It's also interesting that some people talk about trusting the organization to develop more guys like Delmonico, but I feel like those people are swinging and missing on that argument. Delmonico's strengths aren't about development -- that's my whole point. The things that Delmonico does well are NOT the "developmental" things, they are the natural things. Pitch recognition and patience are -- by virtually ALL of the studies done on them -- not learned, they are somewhat natural or innate. These are things that players either do well, or do not do well, and they manifest themselves at about THIS developmental level (high-A ball). You can develop power, you can develop contact skills, you can develop defense ... objectively, you can't develop pitch recognition. Just ask Adam Jones.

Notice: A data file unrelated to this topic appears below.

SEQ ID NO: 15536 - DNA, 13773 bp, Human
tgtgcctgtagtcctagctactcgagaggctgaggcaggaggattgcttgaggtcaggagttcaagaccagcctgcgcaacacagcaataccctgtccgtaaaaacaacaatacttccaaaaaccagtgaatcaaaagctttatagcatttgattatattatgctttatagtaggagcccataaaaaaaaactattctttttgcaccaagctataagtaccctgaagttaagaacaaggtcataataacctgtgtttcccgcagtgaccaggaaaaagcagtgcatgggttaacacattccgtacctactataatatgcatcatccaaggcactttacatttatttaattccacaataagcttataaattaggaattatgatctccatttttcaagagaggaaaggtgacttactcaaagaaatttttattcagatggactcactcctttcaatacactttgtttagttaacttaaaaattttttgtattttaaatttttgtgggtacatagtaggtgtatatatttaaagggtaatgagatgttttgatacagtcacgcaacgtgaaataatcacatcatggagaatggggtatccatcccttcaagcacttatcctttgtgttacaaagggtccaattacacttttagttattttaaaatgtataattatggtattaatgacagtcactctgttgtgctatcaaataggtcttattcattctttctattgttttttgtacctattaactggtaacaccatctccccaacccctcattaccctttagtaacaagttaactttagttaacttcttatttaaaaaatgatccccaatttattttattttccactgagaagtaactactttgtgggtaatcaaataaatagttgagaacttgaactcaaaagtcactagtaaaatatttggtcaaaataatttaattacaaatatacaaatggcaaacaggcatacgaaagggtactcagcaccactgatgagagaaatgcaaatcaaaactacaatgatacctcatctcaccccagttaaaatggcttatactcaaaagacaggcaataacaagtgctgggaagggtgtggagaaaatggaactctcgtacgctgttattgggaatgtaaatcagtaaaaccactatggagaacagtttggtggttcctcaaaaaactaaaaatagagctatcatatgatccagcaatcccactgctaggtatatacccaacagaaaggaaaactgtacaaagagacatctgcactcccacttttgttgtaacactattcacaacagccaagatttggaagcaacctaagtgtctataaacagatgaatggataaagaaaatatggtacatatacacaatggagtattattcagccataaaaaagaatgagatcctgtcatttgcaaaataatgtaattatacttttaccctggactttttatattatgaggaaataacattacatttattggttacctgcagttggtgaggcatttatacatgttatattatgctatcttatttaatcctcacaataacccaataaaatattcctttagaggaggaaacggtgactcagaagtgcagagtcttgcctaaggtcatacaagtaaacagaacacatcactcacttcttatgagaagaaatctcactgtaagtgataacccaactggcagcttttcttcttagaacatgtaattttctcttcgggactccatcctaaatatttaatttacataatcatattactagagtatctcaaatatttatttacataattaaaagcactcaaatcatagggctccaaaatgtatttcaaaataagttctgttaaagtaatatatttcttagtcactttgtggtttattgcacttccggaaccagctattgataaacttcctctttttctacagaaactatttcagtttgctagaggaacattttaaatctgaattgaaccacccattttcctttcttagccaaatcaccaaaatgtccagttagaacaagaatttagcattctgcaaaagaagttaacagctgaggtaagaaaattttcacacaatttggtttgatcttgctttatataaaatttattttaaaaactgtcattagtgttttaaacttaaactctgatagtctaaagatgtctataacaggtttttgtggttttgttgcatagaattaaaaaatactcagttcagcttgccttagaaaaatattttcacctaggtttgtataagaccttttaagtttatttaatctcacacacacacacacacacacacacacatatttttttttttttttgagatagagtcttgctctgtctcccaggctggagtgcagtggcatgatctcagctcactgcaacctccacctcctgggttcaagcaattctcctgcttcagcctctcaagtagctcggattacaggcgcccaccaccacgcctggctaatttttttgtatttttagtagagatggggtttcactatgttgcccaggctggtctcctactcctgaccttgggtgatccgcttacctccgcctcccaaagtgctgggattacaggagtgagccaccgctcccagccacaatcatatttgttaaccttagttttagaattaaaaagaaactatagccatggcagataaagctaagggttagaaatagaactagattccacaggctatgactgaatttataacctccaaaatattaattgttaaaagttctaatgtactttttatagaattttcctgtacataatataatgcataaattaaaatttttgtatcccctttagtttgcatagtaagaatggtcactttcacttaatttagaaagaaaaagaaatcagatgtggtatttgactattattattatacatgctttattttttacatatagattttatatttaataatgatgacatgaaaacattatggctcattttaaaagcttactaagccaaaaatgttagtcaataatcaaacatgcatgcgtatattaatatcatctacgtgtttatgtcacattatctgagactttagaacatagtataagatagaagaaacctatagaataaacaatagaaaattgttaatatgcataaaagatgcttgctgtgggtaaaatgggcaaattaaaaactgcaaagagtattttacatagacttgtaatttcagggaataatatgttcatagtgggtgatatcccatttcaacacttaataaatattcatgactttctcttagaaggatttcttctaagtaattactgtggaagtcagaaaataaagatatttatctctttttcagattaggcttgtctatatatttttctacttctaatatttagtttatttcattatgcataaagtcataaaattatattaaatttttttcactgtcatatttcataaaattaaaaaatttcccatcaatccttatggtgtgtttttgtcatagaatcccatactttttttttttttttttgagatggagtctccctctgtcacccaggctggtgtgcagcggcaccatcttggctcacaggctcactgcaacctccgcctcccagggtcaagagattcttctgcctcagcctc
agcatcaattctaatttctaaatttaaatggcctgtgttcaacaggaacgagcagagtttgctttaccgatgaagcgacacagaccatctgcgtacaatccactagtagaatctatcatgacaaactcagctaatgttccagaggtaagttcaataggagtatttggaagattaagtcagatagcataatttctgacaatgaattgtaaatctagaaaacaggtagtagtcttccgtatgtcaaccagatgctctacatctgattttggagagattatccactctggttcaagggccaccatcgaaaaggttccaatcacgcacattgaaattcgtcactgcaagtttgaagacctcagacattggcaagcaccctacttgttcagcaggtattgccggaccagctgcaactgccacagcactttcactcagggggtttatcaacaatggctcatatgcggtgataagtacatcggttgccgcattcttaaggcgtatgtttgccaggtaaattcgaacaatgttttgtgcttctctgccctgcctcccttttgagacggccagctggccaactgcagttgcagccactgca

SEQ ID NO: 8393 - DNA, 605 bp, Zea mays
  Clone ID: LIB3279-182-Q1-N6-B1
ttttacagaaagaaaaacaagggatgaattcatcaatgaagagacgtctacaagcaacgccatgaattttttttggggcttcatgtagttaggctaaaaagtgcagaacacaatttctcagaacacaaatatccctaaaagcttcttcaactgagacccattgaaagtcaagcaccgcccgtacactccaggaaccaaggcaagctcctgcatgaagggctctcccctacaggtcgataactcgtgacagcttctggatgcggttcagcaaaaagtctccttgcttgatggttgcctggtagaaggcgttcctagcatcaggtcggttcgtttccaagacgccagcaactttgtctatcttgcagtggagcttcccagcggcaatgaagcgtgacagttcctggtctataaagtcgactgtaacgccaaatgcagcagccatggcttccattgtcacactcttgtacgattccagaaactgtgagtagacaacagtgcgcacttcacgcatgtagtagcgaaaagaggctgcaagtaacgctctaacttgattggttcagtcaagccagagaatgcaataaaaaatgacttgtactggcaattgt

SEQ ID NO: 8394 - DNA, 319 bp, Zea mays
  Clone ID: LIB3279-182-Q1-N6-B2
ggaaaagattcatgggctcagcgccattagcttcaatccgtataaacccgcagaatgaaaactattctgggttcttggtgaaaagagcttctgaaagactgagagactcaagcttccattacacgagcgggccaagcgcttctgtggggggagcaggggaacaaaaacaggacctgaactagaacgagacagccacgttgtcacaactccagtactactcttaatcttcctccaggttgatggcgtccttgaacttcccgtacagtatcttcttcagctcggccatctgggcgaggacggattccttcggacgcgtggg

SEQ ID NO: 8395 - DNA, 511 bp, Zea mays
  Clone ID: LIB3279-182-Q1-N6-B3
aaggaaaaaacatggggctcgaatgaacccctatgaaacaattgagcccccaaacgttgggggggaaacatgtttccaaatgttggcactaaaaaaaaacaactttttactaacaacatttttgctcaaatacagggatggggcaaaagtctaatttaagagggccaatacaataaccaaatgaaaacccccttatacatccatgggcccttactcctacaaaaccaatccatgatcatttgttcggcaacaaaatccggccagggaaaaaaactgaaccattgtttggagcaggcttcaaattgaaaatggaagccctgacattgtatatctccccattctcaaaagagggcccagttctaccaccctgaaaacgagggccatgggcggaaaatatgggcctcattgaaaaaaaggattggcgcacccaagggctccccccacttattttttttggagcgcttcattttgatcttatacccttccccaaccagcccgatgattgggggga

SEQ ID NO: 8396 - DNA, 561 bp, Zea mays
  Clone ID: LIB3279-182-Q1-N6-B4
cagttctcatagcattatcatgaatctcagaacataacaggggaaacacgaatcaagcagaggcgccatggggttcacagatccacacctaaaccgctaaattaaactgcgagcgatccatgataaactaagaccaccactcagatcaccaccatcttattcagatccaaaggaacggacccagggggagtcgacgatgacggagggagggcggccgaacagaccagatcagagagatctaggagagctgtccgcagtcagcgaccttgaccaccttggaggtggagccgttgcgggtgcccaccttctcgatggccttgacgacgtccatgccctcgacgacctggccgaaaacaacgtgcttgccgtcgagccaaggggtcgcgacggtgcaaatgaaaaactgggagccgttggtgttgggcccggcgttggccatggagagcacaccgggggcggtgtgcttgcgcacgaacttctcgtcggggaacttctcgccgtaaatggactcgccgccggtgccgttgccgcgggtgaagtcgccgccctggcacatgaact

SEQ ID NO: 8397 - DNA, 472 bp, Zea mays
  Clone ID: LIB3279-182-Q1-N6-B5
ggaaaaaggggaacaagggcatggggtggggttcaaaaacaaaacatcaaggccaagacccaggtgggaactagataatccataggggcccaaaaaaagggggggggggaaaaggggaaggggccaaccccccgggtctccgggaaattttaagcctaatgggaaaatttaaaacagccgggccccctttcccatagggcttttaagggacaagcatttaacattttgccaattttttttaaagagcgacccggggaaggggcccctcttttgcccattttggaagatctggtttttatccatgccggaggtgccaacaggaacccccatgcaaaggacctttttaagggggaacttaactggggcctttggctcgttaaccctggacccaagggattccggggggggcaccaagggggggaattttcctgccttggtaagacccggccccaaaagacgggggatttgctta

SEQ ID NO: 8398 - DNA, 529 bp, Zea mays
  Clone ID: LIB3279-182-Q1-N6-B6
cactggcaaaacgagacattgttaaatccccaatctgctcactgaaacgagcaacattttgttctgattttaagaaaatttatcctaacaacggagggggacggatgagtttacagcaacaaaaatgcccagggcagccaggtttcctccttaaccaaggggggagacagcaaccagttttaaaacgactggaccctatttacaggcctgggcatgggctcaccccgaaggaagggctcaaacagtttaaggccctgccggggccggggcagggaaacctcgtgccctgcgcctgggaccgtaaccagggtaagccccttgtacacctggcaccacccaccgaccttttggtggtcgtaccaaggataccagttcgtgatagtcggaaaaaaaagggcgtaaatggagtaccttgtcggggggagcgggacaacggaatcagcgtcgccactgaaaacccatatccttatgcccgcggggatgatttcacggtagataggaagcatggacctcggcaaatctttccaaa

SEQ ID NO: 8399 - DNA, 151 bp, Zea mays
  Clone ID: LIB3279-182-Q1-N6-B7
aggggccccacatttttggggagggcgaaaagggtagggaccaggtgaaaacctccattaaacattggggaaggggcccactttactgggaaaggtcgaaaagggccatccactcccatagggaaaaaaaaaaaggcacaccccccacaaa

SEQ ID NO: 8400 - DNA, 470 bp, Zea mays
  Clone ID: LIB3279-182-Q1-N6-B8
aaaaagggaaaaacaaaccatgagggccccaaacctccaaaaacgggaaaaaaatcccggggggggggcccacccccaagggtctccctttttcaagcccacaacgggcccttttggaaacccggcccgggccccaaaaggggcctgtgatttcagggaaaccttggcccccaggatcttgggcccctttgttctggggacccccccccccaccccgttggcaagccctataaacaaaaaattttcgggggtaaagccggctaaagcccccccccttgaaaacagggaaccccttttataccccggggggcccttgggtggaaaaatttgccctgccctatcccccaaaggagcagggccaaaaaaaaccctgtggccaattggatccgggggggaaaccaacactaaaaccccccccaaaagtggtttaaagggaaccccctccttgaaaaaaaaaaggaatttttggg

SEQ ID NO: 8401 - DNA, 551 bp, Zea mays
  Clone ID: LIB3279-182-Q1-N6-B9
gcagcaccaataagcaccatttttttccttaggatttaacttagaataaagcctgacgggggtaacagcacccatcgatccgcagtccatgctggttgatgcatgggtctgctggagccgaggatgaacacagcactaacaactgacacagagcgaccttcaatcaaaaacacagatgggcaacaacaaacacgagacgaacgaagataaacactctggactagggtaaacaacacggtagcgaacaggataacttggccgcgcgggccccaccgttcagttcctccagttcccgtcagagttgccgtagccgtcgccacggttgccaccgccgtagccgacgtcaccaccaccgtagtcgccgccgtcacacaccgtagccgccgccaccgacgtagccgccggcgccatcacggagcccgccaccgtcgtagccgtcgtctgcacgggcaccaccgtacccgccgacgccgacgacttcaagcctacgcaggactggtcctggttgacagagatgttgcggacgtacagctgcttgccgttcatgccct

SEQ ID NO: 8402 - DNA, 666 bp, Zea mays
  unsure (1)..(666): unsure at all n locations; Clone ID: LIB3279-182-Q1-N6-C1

Realistically, Delmonico likely would be ready in 2-3 years. Also, realistically, he is a first baseman, DH, or left fielder. Importantly, we need all three of those things in that 2-4 year time frame, and I completely disagree with the folks who are saying that Delmonico is "blocked" within the organization. He's a B+ prospect because he's terrible defensively and because his power development is questionable. The thing is, those things just flat-out don't matter that much. Defense is important, but substantially less important than getting on base. Power is important, but substantially less important than getting on base. THAT is why is is undervalued, because despite all of the "Moneyball" movies in the world, some people STILL do not understand how important getting on base is in baseball -- or at the very least, some people do not accept that it is the single most important thing that any player can do, or ability a player can have. Delmonico does that one thing at an elite level, it just so happens that the one thing he does at an elite level is the single most important thing that any baseball player can do; he was in the organization, now he's not.